When you unpackage these drop clothes the first thing you notice is how wrinkled they are.  So just like in the white one I made about a month ago, I took the clothes iron outside and ironed the whole thing on a table covered with a blanket.  After ironing, I spread it out on a huge tarp.  I put two coats of white primer (1 gallon $15) to give my green paint the best chance of adhering to the cloth.  I'm starting to go through quite a few of the roller brushes, so add $8 for a set of 3 roller brushes to put the primer and paint on the canvas backdrop.

The whole reason I've been using canvas for the backdrops is because it's a relatively smooth surface which can be manipulated to produce the results I'm looking for.  I couldn't use the textured wall as a green screen surface because it wasn't perfectly smooth.  Next, it's time to paint the ready canvas it's final color.

This paragraph contains the secret of low cost, high quality green screen.  Here it is... this is the big secret.  I used Behr interior flat latex paint.  The custom tinted paint is a stock color at your home depot called Sparkling Apple. There was nothing more special to it than this.  This particular shade of green seems to be the most green you can get.  And that's what it takes for editing computer to do its magic.  It goes after that "super green" and replaces it with other video. 

Total cost for the magical "super green" paint was $20.  Sure you can go online and find a more expensive brew, but I'm on a budget.  As you can see from the label on the left, its not returnable, so be sure you really wanna do this. 

I had some grommets left over from the sand bag project, so I installed one in each corner. 

As you can see from the final product (below), I have a green screen for a fraction of the cost the professionals pay. 



Wall anchors & screws to mount the canvas drop cloth to the wall cost me about $2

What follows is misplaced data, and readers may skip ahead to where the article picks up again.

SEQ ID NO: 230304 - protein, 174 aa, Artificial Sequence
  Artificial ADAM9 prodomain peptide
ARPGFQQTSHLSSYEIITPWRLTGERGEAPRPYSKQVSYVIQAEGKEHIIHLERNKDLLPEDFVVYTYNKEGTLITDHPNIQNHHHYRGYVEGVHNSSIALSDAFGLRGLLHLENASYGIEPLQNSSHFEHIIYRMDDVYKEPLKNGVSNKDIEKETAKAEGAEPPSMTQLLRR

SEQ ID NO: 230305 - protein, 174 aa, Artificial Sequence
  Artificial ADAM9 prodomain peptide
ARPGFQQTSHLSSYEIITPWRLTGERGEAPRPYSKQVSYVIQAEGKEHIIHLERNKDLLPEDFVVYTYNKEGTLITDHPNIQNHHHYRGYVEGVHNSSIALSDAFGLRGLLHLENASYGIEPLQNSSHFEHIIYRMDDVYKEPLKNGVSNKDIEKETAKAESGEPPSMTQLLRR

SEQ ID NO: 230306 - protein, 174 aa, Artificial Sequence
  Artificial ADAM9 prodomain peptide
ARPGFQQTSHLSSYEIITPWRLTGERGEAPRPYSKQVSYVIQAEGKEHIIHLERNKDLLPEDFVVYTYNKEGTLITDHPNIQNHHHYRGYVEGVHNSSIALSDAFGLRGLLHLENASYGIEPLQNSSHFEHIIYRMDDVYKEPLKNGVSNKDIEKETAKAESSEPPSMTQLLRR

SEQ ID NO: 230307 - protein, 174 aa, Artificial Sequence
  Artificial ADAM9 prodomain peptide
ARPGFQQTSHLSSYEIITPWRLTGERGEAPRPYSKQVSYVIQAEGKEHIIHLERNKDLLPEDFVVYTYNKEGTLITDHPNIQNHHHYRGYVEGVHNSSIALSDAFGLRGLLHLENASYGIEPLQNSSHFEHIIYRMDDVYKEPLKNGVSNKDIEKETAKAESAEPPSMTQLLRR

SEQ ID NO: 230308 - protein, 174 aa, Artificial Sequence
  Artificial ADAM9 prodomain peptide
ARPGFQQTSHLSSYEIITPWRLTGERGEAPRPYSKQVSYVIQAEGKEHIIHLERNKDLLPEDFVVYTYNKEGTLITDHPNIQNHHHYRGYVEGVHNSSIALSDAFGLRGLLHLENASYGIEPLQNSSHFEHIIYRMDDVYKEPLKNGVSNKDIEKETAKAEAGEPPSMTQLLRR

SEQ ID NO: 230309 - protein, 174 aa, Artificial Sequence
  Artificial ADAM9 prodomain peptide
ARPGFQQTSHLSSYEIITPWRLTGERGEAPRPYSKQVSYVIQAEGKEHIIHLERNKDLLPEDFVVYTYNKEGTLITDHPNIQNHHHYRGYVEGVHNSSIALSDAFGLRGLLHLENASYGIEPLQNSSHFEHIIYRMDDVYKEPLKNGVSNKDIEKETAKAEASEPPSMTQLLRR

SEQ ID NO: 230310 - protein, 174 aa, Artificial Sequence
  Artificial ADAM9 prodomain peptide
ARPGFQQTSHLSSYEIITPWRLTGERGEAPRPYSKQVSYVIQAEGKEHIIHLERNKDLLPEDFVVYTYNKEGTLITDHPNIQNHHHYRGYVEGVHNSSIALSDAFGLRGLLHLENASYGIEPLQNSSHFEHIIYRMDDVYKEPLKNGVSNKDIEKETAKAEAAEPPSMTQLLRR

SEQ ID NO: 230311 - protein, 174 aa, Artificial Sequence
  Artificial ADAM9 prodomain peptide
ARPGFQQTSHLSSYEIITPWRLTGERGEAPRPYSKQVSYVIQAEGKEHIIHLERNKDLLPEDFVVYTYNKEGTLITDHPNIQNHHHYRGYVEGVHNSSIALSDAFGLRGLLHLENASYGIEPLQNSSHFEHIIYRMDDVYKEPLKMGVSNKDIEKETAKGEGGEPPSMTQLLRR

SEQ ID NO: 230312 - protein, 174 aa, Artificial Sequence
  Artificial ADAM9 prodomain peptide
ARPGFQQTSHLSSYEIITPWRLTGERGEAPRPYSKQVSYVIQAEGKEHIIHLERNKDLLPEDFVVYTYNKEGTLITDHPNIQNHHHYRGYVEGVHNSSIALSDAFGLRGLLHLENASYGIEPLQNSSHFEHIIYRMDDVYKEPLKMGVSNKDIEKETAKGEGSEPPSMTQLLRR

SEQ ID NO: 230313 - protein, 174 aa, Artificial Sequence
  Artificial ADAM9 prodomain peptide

Total cost for this phase of the project:  $159 lights & green backdrop

<>Your Thoughts...
Name: (Anonymous posts deleted)

E-mail: (if you want a reply)

How did you hear
of this website?
Message:  (What should I write?)
Business Card
News Group
Safety Seminar
Word of Mouth
(Required) Enter number from image to send:


Check this out...
  Home | Login | Schedule | Pilot Store | 7-Day IFR | IFR Adventure | Trip Reports | Blog | Fun | Reviews | Weather | Articles | Links | Helicopter | Download | Bio
All content is Copyright 2002-2010 by Darren Smith. All rights reserved. Subject to change without notice. This website is not a substitute for competent flight instruction. There are no representations or warranties of any kind made pertaining to this service/information and any warranty, express or implied, is excluded and disclaimed including but not limited to the implied warranties of merchantability and/or fitness for a particular purpose. Under no circumstances or theories of liability, including without limitation the negligence of any party, contract, warranty or strict liability in tort, shall the website creator/author or any of its affiliated or related organizations be liable for any direct, indirect, incidental, special, consequential or punitive damages as a result of the use of, or the inability to use, any information provided through this service even if advised of the possibility of such damages. For more information about this website, including the privacy policy, see about this website.